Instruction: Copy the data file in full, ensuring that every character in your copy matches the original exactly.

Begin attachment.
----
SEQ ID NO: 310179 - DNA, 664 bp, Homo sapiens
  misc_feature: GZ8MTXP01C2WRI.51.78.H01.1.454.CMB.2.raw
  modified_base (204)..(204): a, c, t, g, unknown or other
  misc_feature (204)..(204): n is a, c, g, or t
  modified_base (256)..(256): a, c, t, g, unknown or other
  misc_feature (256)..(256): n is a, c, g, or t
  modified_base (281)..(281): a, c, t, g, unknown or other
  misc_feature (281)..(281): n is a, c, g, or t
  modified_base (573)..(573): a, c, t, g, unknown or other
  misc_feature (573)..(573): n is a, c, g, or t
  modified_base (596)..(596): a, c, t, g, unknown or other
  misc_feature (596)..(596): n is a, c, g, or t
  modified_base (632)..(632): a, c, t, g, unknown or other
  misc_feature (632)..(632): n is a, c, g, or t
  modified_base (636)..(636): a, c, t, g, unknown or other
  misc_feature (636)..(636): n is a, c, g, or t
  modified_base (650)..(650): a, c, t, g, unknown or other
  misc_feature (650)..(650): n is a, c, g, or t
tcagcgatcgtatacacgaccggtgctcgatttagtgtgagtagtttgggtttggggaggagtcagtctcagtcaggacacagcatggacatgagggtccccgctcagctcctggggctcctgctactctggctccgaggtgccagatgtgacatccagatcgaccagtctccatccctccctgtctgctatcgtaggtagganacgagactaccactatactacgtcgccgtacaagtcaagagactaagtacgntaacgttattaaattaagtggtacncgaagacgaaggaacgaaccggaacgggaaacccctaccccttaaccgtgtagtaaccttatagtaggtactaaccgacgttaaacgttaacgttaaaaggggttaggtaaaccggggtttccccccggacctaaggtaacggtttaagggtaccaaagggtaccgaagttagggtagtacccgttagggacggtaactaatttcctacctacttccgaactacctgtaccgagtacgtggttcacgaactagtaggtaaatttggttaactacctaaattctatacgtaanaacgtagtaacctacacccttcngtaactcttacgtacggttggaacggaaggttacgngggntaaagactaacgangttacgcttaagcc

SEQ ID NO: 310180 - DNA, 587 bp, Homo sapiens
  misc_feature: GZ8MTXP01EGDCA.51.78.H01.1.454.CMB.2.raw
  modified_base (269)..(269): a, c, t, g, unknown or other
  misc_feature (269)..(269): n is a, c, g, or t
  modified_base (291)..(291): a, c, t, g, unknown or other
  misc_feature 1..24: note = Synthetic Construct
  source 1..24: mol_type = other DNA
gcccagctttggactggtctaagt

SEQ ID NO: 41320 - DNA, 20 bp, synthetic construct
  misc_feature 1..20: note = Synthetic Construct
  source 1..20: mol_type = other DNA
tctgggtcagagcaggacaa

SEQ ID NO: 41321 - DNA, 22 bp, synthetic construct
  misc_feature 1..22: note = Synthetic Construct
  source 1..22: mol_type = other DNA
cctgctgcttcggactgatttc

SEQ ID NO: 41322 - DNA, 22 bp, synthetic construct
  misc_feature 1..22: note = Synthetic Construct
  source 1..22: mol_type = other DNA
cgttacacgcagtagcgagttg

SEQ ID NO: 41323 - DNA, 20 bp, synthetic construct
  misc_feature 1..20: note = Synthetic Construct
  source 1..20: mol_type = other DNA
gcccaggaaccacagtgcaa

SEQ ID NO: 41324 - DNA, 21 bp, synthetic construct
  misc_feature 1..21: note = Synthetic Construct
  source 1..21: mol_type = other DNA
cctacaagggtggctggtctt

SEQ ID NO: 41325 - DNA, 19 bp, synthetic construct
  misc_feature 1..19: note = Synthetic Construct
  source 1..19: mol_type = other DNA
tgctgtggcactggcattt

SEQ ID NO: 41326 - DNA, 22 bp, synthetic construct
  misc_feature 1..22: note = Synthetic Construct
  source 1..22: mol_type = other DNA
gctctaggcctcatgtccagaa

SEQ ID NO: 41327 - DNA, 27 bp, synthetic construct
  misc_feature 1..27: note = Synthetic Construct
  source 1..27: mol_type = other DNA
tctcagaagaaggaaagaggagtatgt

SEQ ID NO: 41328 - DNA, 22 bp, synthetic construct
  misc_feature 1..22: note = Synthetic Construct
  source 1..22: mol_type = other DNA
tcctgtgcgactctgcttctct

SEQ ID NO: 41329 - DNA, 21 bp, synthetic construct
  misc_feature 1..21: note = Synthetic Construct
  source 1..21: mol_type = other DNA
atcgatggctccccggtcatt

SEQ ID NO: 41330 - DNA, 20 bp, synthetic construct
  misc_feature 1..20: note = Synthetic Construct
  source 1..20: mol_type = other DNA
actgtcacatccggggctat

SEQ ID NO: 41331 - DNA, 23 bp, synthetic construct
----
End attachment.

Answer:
SEQ ID NO: 310179 - DNA, 664 bp, Homo sapiens
  misc_feature: GZ8MTXP01C2WRI.51.78.H01.1.454.CMB.2.raw
  modified_base (204)..(204): a, c, t, g, unknown or other
  misc_feature (204)..(204): n is a, c, g, or t
  modified_base (256)..(256): a, c, t, g, unknown or other
  misc_feature (256)..(256): n is a, c, g, or t
  modified_base (281)..(281): a, c, t, g, unknown or other
  misc_feature (281)..(281): n is a, c, g, or t
  modified_base (573)..(573): a, c, t, g, unknown or other
  misc_feature (573)..(573): n is a, c, g, or t
  modified_base (596)..(596): a, c, t, g, unknown or other
  misc_feature (596)..(596): n is a, c, g, or t
  modified_base (632)..(632): a, c, t, g, unknown or other
  misc_feature (632)..(632): n is a, c, g, or t
  modified_base (636)..(636): a, c, t, g, unknown or other
  misc_feature (636)..(636): n is a, c, g, or t
  modified_base (650)..(650): a, c, t, g, unknown or other
  misc_feature (650)..(650): n is a, c, g, or t
tcagcgatcgtatacacgaccggtgctcgatttagtgtgagtagtttgggtttggggaggagtcagtctcagtcaggacacagcatggacatgagggtccccgctcagctcctggggctcctgctactctggctccgaggtgccagatgtgacatccagatcgaccagtctccatccctccctgtctgctatcgtaggtagganacgagactaccactatactacgtcgccgtacaagtcaagagactaagtacgntaacgttattaaattaagtggtacncgaagacgaaggaacgaaccggaacgggaaacccctaccccttaaccgtgtagtaaccttatagtaggtactaaccgacgttaaacgttaacgttaaaaggggttaggtaaaccggggtttccccccggacctaaggtaacggtttaagggtaccaaagggtaccgaagttagggtagtacccgttagggacggtaactaatttcctacctacttccgaactacctgtaccgagtacgtggttcacgaactagtaggtaaatttggttaactacctaaattctatacgtaanaacgtagtaacctacacccttcngtaactcttacgtacggttggaacggaaggttacgngggntaaagactaacgangttacgcttaagcc

SEQ ID NO: 310180 - DNA, 587 bp, Homo sapiens
  misc_feature: GZ8MTXP01EGDCA.51.78.H01.1.454.CMB.2.raw
  modified_base (269)..(269): a, c, t, g, unknown or other
  misc_feature (269)..(269): n is a, c, g, or t
  modified_base (291)..(291): a, c, t, g, unknown or other
  misc_feature 1..24: note = Synthetic Construct
  source 1..24: mol_type = other DNA
gcccagctttggactggtctaagt

SEQ ID NO: 41320 - DNA, 20 bp, synthetic construct
  misc_feature 1..20: note = Synthetic Construct
  source 1..20: mol_type = other DNA
tctgggtcagagcaggacaa

SEQ ID NO: 41321 - DNA, 22 bp, synthetic construct
  misc_feature 1..22: note = Synthetic Construct
  source 1..22: mol_type = other DNA
cctgctgcttcggactgatttc

SEQ ID NO: 41322 - DNA, 22 bp, synthetic construct
  misc_feature 1..22: note = Synthetic Construct
  source 1..22: mol_type = other DNA
cgttacacgcagtagcgagttg

SEQ ID NO: 41323 - DNA, 20 bp, synthetic construct
  misc_feature 1..20: note = Synthetic Construct
  source 1..20: mol_type = other DNA
gcccaggaaccacagtgcaa

SEQ ID NO: 41324 - DNA, 21 bp, synthetic construct
  misc_feature 1..21: note = Synthetic Construct
  source 1..21: mol_type = other DNA
cctacaagggtggctggtctt

SEQ ID NO: 41325 - DNA, 19 bp, synthetic construct
  misc_feature 1..19: note = Synthetic Construct
  source 1..19: mol_type = other DNA
tgctgtggcactggcattt

SEQ ID NO: 41326 - DNA, 22 bp, synthetic construct
  misc_feature 1..22: note = Synthetic Construct
  source 1..22: mol_type = other DNA
gctctaggcctcatgtccagaa

SEQ ID NO: 41327 - DNA, 27 bp, synthetic construct
  misc_feature 1..27: note = Synthetic Construct
  source 1..27: mol_type = other DNA
tctcagaagaaggaaagaggagtatgt

SEQ ID NO: 41328 - DNA, 22 bp, synthetic construct
  misc_feature 1..22: note = Synthetic Construct
  source 1..22: mol_type = other DNA
tcctgtgcgactctgcttctct

SEQ ID NO: 41329 - DNA, 21 bp, synthetic construct
  misc_feature 1..21: note = Synthetic Construct
  source 1..21: mol_type = other DNA
atcgatggctccccggtcatt

SEQ ID NO: 41330 - DNA, 20 bp, synthetic construct
  misc_feature 1..20: note = Synthetic Construct
  source 1..20: mol_type = other DNA
actgtcacatccggggctat

SEQ ID NO: 41331 - DNA, 23 bp, synthetic construct